Mick Rogers to be presented with Olympic bronze medal 11 years after event

Australian initially placed fourth in the individual time trial at Athens 2004, but was pushed up to third after Tyler Hamilton admitted to doping

Michael Rogers at the 2014 Tour de France (Sunada)
(Image credit: Yuzuru SUNADA)

Michael Rogers (Tinkoff-Saxo) is due to be presented with an Olympic bronze medal on Tuesday night at the International Olympic Committee headquarters in Lausanne, Switzerland, 11 years after finishing fourth in the individual time trial at the 20o4 Olympics.

The Australian, then 24-years-old, had missed out on a podium place by three seconds to American Bobby Julich and 30 seconds behind original victor Tyler Hamilton.

But after Hamilton admitted to doping throughout his career in 2011 in the wake of the USADA investigation into Lance Armstrong and his US Postal team and the American was stripped of his title in 2012, Rogers was boosted up to third in the standings and second placed Russian rider (and Hamilton's US Postal teammate) Viatcheslav Ekimov into first.

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Hamilton had initially tested positive for blood doping after the Olympic time trial, but a frozen back-up sample meant that a follow up B sample test couldn't be conducted and he was allowed to keep his gold medal.

The Australian Olympic Committee (AOC) and the Russian Olympic Committee (ROC) then appealed to the IOC for the reallocation of medals after Hamilton's admission, and now 11 years after Rogers will be presented with medal by AOC president John Coates in Tuesday's special ceremony.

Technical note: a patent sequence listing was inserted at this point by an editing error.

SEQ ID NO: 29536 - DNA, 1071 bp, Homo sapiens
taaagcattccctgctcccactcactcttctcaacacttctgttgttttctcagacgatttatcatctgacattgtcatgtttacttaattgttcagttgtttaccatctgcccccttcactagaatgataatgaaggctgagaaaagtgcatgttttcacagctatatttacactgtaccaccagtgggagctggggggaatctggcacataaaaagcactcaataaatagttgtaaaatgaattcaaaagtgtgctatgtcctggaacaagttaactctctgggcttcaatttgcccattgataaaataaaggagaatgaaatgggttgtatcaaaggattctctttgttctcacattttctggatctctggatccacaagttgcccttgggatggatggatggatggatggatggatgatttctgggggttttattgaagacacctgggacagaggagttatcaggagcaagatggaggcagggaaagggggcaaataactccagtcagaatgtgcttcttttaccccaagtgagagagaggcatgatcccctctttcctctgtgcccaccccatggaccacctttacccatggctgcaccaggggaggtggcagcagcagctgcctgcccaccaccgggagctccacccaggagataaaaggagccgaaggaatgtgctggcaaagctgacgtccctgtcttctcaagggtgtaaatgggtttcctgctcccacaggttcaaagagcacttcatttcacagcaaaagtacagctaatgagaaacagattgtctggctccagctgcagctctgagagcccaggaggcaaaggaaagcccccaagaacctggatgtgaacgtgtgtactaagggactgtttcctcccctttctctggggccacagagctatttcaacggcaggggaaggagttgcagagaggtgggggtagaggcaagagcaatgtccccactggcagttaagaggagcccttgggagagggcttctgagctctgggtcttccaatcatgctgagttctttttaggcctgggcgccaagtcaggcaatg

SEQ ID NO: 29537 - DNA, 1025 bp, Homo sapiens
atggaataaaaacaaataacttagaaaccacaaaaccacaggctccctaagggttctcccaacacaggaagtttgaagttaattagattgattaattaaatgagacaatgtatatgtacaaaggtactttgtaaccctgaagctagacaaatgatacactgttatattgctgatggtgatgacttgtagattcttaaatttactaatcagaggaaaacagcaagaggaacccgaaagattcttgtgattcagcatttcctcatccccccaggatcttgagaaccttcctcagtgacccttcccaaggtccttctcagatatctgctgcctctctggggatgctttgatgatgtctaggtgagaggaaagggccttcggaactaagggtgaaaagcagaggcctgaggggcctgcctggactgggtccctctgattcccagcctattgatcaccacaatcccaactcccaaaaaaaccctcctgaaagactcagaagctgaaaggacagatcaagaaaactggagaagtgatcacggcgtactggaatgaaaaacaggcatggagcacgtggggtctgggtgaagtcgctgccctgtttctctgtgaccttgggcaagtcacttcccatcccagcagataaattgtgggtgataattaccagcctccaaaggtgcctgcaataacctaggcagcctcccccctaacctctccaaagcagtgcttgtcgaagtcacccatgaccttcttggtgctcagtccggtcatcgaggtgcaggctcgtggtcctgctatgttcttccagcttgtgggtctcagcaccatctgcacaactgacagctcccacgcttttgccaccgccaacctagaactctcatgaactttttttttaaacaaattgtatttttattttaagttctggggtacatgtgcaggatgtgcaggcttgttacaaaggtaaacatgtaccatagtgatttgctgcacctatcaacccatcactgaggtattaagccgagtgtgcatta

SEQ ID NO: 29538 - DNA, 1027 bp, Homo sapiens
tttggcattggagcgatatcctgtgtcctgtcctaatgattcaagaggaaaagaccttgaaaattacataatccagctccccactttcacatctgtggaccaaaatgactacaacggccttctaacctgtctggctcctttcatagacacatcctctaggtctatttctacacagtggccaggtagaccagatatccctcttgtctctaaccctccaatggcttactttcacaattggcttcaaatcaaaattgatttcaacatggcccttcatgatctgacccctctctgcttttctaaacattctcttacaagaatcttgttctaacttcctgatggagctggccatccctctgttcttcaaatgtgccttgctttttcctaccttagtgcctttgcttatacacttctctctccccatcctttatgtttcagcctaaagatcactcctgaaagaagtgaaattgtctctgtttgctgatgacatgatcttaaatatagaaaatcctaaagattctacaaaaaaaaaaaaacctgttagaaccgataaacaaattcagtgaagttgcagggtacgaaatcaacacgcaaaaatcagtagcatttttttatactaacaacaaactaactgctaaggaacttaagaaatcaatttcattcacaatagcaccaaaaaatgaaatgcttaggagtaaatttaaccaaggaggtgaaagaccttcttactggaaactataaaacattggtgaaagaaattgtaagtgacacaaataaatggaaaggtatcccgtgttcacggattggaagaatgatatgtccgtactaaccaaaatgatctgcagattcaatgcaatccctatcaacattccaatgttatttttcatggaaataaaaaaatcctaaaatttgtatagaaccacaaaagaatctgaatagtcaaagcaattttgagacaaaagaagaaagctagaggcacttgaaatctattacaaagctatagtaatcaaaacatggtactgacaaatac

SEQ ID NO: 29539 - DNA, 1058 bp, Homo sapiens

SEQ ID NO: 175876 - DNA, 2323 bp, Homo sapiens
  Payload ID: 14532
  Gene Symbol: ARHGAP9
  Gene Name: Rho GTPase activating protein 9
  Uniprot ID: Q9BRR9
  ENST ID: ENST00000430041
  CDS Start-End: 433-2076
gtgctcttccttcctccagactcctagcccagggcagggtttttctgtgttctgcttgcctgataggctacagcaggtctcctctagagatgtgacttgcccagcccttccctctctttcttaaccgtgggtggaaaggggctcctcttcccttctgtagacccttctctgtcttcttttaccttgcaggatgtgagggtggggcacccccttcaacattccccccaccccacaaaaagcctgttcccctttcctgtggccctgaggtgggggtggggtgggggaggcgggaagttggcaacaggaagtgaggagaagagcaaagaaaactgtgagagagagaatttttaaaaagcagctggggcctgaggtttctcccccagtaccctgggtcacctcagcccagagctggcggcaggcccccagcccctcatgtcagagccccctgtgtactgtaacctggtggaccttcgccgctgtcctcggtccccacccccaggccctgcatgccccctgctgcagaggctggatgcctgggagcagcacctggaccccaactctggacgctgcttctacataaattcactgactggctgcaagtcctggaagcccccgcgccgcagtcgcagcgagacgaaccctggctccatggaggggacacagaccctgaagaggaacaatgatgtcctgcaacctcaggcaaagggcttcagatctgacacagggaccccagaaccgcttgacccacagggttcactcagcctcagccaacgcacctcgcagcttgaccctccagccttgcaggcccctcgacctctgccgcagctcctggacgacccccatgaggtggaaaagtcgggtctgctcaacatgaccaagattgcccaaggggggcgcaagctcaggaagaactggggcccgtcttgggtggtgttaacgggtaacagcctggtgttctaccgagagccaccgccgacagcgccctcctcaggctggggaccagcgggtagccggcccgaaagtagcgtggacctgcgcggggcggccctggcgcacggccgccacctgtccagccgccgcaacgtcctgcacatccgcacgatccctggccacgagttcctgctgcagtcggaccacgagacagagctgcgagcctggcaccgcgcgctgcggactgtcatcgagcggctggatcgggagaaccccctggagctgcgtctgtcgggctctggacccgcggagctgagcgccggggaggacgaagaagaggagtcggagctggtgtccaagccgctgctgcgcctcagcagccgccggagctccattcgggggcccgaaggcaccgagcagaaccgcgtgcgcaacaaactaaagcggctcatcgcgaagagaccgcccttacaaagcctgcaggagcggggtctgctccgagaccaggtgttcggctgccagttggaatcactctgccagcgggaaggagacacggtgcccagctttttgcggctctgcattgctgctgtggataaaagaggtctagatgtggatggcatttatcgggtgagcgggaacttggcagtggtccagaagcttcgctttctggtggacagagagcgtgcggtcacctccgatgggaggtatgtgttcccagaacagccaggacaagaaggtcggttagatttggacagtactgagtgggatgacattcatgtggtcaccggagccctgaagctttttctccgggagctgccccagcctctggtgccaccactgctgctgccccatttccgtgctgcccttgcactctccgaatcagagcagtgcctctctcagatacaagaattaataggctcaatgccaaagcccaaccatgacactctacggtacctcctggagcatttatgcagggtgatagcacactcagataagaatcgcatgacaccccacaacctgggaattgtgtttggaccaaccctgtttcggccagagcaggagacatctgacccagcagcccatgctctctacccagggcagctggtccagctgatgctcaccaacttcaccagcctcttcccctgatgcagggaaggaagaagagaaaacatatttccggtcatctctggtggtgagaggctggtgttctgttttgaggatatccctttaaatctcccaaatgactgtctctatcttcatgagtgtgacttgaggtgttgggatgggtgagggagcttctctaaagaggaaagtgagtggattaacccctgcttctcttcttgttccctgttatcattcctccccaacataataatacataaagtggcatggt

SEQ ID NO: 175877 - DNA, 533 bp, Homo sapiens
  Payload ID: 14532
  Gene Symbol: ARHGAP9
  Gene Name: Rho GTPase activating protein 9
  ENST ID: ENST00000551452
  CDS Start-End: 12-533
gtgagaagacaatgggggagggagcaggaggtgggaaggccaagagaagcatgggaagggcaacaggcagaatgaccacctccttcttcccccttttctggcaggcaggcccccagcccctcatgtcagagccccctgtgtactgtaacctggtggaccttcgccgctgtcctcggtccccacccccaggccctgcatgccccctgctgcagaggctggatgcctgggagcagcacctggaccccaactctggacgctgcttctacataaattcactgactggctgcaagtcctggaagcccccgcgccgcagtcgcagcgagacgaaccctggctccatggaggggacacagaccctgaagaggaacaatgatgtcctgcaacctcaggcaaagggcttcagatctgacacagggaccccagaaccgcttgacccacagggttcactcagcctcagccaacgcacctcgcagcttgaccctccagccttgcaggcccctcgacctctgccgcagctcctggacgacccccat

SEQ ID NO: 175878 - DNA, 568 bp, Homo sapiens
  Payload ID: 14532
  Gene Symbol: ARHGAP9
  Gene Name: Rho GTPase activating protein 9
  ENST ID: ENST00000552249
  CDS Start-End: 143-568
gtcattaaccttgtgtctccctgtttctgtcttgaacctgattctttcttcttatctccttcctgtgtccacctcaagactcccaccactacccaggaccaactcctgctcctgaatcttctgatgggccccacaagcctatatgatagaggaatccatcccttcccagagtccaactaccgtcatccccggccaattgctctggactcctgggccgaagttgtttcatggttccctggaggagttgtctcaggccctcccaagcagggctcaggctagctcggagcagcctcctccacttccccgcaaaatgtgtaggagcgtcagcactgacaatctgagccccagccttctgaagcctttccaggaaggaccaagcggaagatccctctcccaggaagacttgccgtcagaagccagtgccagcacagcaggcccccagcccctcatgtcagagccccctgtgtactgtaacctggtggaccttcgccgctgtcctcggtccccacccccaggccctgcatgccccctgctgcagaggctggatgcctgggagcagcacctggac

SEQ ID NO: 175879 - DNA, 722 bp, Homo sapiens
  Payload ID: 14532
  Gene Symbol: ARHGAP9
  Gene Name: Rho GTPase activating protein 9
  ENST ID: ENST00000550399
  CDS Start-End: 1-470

Rogers, who lives in Switzerland, said “it was certainly a special moment when I awoke and read the news that I was receiving the medal. It will be honour to receive the medal from Mr Coates”.

The 35-year-old Tinkoff rider now adds the bronze to his two world time trial titles, while he also counts a national title and a Commonwealth silver medal in the individual time trial on his palmarés.

Richard Windsor
Richard Windsor

Richard is digital editor of Cycling Weekly. Joining the team in 2013, Richard became editor of the website in 2014 and coordinates site content and strategy, leading the news team in coverage of the world's biggest races and working with the tech editor to deliver comprehensive buying guides, reviews, and the latest product news.

An occasional racer, Richard spends most of his time preparing for long-distance touring rides these days, or getting out to the Surrey Hills on the weekend on his Specialized Tarmac SL7 (with an obligatory pub stop of course).